“It has been pretty easy for Romanians to travel and work overseas since 2002,” says Sorin Ionita, a Bucharest-based expert in development and local affairs, and a representative for Romania in the European Economic and Social Committee (EESC). “There actually aren’t that many people strongly wanting to leave who are left,” he adds, suggesting that the problem was that many people across the EU didn’t understand what the changes in regulations really meant.
Romania and Bulgaria are the poorest members of the European Union, and for years workers have left their home nations to seek better-paid employment overseas. According to official figures, by the end of last year there were 144,000 people born in the two countries working in the UK. Many more are in countries like Spain and Portugal.
Romania has for years seen an exodus of highly skilled professionals from their workforce, with people moving overseas for better-paid positions.
Since 2007, more than 14,000 doctors have left Romania in order to take up better-paid positions in countries like Germany, France, and the UK, leaving Romania with just 14,400 doctors as of November 2013, for a population of 21 million. According to the Romanian College of Physicians there are only 70 cardiovascular specialists left in the whole country.
“Romania should be the one complaining about the situation, not the UK,” says Mr. Ionita.
Barriers to immigrants
This hasn’t stopped a backlash in Britain against new immigrants.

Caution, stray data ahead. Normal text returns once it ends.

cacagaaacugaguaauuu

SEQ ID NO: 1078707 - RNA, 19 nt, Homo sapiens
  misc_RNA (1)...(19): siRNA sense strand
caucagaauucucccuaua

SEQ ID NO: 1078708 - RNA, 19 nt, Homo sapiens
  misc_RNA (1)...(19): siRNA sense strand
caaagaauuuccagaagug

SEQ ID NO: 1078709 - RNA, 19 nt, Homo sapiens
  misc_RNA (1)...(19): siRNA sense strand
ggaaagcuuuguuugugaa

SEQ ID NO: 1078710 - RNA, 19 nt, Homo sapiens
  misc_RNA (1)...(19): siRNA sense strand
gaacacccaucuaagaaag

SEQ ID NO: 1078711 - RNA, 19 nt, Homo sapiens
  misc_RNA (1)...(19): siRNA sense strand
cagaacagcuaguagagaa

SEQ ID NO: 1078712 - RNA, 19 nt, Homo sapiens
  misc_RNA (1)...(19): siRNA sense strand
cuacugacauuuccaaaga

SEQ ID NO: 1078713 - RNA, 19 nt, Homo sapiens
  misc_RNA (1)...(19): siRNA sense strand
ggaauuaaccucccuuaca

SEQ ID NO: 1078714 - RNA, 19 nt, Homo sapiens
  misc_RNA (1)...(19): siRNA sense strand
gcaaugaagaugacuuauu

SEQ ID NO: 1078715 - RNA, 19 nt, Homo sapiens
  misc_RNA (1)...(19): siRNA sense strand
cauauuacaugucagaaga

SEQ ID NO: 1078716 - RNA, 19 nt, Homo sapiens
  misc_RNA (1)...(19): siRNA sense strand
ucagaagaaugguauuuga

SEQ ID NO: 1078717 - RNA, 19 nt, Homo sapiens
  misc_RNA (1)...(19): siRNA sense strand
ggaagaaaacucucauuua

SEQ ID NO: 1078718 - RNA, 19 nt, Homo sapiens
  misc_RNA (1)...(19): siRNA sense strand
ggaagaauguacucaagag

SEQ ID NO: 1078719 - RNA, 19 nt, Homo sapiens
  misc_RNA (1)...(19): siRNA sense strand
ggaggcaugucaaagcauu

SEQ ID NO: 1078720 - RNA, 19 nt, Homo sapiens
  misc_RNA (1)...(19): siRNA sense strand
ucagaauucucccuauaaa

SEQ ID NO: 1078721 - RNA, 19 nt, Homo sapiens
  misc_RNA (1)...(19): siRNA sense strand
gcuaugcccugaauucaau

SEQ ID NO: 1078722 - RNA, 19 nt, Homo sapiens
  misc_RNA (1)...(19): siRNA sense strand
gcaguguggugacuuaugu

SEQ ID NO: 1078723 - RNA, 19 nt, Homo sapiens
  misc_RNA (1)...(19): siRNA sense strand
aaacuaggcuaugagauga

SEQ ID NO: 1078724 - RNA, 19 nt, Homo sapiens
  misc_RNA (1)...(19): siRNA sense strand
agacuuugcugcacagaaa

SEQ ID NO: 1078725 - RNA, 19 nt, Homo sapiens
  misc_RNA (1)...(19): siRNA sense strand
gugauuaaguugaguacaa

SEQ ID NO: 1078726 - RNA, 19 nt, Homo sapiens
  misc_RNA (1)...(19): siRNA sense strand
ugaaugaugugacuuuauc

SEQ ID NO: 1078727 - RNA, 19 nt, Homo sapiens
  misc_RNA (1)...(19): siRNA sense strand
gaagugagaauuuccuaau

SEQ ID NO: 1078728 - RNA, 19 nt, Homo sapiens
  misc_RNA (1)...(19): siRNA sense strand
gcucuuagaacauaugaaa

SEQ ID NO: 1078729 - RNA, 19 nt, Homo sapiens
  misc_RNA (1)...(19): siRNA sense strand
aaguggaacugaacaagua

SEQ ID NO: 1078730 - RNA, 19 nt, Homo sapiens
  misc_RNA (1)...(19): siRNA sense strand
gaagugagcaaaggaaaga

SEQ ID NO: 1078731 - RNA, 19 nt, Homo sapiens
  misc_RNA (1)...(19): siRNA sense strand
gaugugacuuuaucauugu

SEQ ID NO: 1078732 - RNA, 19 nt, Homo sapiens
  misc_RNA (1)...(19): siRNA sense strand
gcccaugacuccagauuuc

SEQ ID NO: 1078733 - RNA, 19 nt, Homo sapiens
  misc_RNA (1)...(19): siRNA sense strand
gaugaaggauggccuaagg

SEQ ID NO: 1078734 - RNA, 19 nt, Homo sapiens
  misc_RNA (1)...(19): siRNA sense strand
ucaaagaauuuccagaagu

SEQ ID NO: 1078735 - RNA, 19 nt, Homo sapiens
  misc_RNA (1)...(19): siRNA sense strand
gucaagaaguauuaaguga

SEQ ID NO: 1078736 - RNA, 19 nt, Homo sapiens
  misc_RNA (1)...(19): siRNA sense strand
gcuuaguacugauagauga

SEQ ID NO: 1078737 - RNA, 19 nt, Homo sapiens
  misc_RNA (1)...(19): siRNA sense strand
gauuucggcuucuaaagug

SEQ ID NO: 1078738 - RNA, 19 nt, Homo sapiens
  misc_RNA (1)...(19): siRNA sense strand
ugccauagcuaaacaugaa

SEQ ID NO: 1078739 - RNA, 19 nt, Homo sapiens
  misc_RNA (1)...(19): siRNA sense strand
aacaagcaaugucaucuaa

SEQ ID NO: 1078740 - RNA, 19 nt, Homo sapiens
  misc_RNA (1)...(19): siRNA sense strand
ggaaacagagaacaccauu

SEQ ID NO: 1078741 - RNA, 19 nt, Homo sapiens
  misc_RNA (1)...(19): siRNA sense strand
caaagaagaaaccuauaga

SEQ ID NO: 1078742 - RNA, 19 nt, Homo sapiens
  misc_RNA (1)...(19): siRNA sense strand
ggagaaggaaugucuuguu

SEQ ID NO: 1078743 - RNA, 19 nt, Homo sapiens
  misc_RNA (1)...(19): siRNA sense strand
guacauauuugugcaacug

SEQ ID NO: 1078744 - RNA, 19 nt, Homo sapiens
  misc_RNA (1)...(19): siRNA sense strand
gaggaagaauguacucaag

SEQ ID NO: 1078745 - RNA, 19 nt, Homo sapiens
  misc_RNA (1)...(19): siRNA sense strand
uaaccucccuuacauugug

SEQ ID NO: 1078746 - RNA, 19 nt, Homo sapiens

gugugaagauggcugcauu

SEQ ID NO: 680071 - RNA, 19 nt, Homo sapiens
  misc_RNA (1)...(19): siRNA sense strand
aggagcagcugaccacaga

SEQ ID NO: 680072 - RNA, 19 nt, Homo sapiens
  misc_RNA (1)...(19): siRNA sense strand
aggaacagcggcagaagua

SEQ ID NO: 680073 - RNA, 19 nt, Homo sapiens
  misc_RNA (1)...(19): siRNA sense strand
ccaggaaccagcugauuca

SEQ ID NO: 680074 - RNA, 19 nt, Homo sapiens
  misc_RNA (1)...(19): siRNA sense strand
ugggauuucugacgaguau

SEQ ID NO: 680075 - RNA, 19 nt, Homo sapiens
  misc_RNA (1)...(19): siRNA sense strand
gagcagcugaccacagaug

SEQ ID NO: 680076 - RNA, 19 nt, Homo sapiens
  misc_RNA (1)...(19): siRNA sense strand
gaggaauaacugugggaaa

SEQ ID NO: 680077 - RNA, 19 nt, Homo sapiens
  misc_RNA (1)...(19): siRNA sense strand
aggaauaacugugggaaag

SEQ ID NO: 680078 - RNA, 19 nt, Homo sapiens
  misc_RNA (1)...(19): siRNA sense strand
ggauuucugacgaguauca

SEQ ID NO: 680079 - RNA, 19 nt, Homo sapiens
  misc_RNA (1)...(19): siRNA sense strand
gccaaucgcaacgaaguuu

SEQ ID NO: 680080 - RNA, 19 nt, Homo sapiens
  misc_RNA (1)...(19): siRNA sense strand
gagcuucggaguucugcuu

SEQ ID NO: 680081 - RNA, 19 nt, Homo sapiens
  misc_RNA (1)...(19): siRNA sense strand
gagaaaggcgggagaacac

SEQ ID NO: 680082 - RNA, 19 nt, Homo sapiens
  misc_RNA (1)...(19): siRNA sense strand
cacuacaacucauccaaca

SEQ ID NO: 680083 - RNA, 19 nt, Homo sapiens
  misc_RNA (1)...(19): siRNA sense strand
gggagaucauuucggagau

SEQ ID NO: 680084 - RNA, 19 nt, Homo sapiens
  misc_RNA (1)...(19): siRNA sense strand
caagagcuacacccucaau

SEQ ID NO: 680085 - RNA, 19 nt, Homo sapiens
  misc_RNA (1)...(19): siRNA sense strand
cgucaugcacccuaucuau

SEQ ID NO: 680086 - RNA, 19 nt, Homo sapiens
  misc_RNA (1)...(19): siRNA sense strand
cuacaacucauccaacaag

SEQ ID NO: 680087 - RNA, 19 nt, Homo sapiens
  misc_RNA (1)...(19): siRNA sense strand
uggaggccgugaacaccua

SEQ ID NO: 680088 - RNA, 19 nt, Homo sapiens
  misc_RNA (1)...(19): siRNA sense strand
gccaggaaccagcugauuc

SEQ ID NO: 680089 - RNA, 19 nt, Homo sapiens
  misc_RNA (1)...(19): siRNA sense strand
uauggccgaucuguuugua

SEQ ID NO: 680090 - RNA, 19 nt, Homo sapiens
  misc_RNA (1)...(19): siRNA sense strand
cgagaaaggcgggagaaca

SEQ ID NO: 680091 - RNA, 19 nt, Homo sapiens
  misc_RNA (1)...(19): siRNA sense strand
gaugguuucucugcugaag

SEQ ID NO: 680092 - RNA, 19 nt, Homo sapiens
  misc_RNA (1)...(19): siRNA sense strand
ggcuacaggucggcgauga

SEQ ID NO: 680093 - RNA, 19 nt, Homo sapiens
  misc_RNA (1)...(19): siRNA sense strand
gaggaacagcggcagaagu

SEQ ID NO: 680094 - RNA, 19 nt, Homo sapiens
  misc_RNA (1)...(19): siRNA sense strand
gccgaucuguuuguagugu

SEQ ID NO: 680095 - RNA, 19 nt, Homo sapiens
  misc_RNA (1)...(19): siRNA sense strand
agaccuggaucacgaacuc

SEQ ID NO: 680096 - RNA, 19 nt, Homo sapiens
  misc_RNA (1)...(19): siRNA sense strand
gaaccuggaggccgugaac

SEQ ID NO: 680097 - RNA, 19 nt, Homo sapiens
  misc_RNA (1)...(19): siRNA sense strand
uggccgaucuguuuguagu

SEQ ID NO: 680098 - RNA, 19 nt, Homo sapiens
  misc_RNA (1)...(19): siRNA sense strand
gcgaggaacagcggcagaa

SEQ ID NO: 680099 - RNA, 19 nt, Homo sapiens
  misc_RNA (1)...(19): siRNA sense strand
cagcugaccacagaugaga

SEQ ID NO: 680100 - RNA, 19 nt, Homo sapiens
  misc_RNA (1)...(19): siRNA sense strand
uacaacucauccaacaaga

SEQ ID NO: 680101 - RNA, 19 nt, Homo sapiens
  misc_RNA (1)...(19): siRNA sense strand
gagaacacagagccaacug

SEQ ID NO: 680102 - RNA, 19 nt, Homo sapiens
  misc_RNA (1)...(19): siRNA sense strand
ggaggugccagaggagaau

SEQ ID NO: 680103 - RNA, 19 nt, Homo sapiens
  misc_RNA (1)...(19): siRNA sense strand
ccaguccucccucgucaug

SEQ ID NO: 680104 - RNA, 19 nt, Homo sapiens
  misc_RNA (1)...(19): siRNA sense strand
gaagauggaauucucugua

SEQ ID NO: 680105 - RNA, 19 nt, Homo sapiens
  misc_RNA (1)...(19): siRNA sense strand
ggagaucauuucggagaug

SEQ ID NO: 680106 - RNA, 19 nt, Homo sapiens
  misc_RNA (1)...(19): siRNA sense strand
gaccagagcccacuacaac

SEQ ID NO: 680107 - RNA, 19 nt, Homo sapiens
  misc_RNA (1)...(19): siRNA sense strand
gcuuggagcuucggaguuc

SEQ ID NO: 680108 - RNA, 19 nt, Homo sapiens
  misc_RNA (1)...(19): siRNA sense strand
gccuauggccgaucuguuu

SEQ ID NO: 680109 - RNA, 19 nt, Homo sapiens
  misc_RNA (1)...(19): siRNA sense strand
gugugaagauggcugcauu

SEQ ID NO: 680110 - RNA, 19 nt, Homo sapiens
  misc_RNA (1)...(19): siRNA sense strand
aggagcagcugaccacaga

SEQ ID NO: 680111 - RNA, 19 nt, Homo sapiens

Speaking at the UKIP spring conference in late February, Nigel Farage, the party leader, maintained that 80 percent of the British people did not want the borders to come down with Romania and Bulgaria. He added that “[I]t is most likely the majority of Romanians who come to Britain don’t come from Romania – they will come from Italy and Spain where there are already a million Romanian migrant workers.”
Romanians and Bulgarians living in the UK have felt the negative impact of the media campaign against new immigrants arriving from their countries over the last few years.
“The reaction from the British media especially has been very aggressive and unfair – a lot of papers are presenting untrue stories or choosing one-off cases to describe all Romanians,” says Tommy Tomescu, a Romanian dentist who came to the UK in 2010 and has since founded the Alliance Against Romanians and Bulgarians Discrimination and is now running as a European parliamentary candidate for London.
“Normal people’s attitudes are changing, but it has only really been in the last few months,” Mr. Tomescu says. “And the anti-Romanian and Bulgarian campaigns have lasted for years without any major politician condemning it, so it is hard to change people’s minds quickly.”
Despite the flood of new arrivals failing to materialize at the start of the year, many of the older EU member states have put in place measures to limit new arrivals’ access to social services.
Starting from March 1, the UK put into place a “minimum earnings threshold” whereby migrants from the EU have to show that they have earned a minimum of £150 a week for three months before they are able to claim benefits.
The British government has also suspended financial aid for thousands of Romanian and Bulgarian students studying in the UK, with officials requesting fresh proof that students have been residing in the UK for the qualifying three years. In late March, the European Commission announced the launch of a formal investigation into the decision.
“I expect this preoccupation with Romanian and Bulgarian immigrants in countries like the UK to disappear soon,” says Ionita, but he adds that it was “highly unfortunate for those caught in the middle.”